In Shamanistic cultures, it is believed that when a person is traumatized, their soul leaves their body as a way to protect itself from intolerable pain. In a process known as Soul Retrieval, trusted community members surround the person with tremendous love and safety. In this sacred space, the soul is invited back in so the person can become whole.
In the simplest terms, trauma happens when our nervous system becomes overwhelmed and our most primal coping strategies fail. If we are unable to fight or flee what is attacking us, we freeze and disconnect or dissociate in a way that the unprocessed fear gets locked into our body. We become “stuck” in a biological state of stress, fear and reactivity, leading to chronic anxiety, depression, addictions and, often, the constellation of symptoms that we call PTSD.
This process of disconnecting and living with reactivity to the unprocessed fear is not a rational choice. Rather it’s a coping strategy that is driven by our limbic system because, when traumatized, we don’t have access to the reason, compassion and mindfulness of our more recently evolved brain. Nor, when traumatized, do we have access to the potential care and safety offered by others.
Yet sadly, the most painful layer of suffering that surrounds trauma is shame. We blame ourselves for the ways our body and nervous system found to survive. The process of recovery is to awaken self-compassion and reconnect with our natural aliveness and that lost, sacred sense of spirit.
When teaching meditation, we talk a lot about directly contacting the reality of this moment with kindness and clarity. When working with trauma, it is important to understand that at first, resourcing is essential before direct presence is even possible. By taking the time to first cultivate a sense of love and safety, we can avoid the danger of re-traumatization and strengthen the foundation for the transformational work ahead.
Whether in the care of a therapist, a close friend, or a teacher, we begin to find ways to create a sense of trust and love that can hold our experience and a connection where we are reminded of our intrinsic worth and basic goodness. We are wounded in relationship; we heal in relationship. This is how we start to loosen the deep shame that accompanies trauma and come back into the wholeness of our being.
One student was directed to Buddhist contemplative practices by her therapist a few years ago. Growing up, she experienced a great deal of trauma and struggles with depression, anxiety and PTSD. But the most devastating effect of her experiences has been a pervasive sense of shame and badness, a sense of being broken beyond repair. Her belief has been that the bad things that have happened to her could have been avoided had she just been somehow better, stronger, braver…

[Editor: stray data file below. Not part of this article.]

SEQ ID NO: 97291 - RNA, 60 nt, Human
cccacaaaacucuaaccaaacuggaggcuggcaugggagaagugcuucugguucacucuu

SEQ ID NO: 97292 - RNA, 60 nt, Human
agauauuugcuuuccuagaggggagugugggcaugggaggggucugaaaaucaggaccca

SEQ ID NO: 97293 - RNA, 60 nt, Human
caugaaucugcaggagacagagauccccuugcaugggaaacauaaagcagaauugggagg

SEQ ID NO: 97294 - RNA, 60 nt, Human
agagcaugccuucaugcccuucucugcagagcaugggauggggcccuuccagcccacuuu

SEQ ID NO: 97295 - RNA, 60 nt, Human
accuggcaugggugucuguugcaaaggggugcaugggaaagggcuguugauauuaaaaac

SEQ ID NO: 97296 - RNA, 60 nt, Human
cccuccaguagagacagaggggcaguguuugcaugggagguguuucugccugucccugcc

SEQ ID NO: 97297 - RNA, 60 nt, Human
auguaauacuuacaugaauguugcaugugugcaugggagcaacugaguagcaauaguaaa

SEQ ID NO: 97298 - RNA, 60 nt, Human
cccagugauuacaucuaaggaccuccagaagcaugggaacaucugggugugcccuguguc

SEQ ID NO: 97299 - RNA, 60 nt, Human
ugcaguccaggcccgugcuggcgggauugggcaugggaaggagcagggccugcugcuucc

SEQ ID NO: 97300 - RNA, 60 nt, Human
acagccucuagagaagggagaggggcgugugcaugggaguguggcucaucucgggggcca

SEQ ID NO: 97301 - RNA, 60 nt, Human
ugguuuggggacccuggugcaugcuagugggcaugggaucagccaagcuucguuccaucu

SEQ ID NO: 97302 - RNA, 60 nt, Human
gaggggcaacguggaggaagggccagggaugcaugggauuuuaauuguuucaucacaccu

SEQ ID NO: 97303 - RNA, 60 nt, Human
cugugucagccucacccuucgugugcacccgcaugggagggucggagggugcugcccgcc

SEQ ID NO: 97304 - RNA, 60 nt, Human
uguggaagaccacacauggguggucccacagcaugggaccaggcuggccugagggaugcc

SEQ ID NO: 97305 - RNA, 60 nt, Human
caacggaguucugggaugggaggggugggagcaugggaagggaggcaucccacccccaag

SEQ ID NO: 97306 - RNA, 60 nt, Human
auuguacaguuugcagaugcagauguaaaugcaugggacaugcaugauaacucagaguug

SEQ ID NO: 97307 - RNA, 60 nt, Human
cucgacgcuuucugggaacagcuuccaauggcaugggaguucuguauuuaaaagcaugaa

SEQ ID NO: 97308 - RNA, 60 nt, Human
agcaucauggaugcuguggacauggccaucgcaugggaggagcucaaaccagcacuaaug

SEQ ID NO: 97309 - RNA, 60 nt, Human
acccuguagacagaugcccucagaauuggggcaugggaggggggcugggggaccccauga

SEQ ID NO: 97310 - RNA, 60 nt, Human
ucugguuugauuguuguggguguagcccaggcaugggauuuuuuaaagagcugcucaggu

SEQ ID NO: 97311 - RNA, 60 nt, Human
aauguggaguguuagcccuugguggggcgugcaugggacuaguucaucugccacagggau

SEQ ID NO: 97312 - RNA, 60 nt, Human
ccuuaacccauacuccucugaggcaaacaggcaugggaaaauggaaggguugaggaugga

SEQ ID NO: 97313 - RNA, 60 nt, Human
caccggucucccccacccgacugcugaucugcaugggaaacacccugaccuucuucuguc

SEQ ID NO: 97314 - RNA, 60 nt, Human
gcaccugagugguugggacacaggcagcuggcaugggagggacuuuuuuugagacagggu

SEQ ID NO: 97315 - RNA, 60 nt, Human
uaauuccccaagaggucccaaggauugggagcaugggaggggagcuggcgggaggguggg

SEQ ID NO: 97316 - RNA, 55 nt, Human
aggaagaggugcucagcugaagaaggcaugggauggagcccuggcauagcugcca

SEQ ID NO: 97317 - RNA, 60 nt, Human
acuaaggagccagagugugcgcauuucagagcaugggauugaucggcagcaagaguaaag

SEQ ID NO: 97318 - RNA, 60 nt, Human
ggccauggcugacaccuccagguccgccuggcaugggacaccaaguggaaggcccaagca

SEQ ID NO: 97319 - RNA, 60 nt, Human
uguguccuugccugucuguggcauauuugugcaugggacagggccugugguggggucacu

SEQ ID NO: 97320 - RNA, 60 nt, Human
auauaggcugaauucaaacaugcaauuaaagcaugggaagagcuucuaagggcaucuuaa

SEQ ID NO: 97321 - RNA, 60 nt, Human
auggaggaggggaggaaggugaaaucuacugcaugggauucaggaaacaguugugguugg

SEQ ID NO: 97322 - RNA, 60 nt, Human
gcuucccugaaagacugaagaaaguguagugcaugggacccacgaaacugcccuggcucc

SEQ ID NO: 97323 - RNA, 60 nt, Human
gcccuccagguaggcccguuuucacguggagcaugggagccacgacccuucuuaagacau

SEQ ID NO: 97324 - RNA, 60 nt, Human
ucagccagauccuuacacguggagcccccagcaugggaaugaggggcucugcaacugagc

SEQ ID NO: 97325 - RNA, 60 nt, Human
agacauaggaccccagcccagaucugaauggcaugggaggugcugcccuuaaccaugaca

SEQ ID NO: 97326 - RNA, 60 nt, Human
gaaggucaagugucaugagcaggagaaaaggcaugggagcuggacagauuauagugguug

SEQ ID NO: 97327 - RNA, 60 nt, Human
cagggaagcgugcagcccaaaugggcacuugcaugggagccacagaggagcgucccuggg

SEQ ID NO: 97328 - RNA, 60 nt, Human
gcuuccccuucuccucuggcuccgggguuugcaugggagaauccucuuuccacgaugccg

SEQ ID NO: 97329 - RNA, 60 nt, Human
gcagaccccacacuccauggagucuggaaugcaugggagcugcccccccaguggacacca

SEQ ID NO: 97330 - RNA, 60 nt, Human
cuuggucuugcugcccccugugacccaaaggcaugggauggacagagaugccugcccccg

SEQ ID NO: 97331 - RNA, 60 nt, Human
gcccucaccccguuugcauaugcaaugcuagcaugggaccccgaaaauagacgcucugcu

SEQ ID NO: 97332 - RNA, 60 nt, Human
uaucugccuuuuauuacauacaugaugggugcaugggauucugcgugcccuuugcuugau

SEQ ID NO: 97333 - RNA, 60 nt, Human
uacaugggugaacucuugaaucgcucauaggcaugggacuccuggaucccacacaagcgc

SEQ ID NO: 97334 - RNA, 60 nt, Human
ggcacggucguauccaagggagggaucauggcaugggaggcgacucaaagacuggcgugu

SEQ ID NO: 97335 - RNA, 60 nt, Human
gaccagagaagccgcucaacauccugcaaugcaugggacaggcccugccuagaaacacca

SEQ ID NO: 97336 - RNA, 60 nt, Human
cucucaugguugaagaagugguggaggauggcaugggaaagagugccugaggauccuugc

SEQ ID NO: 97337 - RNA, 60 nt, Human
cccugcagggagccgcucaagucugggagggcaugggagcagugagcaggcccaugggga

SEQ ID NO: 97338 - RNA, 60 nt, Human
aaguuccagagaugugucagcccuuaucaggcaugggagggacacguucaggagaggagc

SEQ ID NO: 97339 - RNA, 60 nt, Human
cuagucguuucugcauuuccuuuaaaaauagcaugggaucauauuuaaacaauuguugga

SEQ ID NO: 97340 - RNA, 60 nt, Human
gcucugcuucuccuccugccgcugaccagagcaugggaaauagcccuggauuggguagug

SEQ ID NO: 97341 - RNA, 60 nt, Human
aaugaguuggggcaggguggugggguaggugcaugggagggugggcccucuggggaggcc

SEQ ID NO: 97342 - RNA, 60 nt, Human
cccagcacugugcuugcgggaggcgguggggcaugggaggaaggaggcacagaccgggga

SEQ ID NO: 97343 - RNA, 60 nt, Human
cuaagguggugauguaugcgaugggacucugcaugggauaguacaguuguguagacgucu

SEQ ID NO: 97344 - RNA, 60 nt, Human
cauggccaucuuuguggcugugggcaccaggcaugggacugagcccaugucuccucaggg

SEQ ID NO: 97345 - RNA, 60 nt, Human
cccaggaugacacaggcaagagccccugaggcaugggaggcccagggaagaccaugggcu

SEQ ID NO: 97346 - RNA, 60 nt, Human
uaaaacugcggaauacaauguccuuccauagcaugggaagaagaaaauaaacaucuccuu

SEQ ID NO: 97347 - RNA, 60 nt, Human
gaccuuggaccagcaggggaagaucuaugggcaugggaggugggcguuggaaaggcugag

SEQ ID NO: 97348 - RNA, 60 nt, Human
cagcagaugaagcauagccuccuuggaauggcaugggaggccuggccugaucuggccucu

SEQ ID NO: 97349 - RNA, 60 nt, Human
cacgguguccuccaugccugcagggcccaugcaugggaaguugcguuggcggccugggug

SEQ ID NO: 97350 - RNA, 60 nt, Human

For several years, she has attended my classes and retreats and our work together has often centered on fostering a sense of love, safety and trust, and reminding her of her own bright goodness. We spent much time practicing meeting intense emotions with gentleness, kindness and love. She has found that with each round—whether done alone or with her therapist—there is some shift in consciousness.
Recently, she sent an email that described sitting in her therapist’s office frozen in shame about how her body and mind responded to some of the abuse that happened and how much it has affected her life. She writes:
“Because I spend more time these days not in that place of shame than in it, I think I forget how dark and thick and suffocating it can be, how brutal my own self-criticism can get. It doesn’t creep up but, rather, jumps out suddenly from behind doors and around dark corners. Somehow, I am always taken by surprise…”
She continues, “I was really stuck in it, so my therapist asked what my teacher might say and I struggled some, but finally landed on the answer: ‘It’s not your fault.’ When I remembered that what happened to me and the way I responded to it is really not my fault, my heart broke open. I was flooded with tenderness and relief.”
I've noticed over many years of working with people who have been traumatized, that when self-compassion begins to arise, it can lead to an experience of profound spiritual healing. Soul recovery. When the path is illuminated by loving awareness, even the most broken heart will find its way home.
Rashani Rea writes:
There is a brokenness
out of which comes the unbroken,
out of which blooms the unshatterable.
There is a sorrow
beyond all grief which leads to joy
and a fragility
out of whose depths emerges strength.
There is a hollow space too vast for words
through which we pass with each loss,
out of whose darkness we are sanctioned into being.
There is a cry deeper than all sound
whose serrated edges cut the heart
as we break open
to the place inside which is unbreakable
while learning to sing.
Adapted from: Healing Trauma: The Light Shines Through the Broken Places, a talk given by Tara Brach on 3/8/17.
For more talks and meditations from Tara Brach: www.tarabrach.com.
 Réa, R. (2001). The Unbroken. Retrieved March 26, 2017, from http://rashani.com/arts/poems/poems-by-rashani/the-unbroken/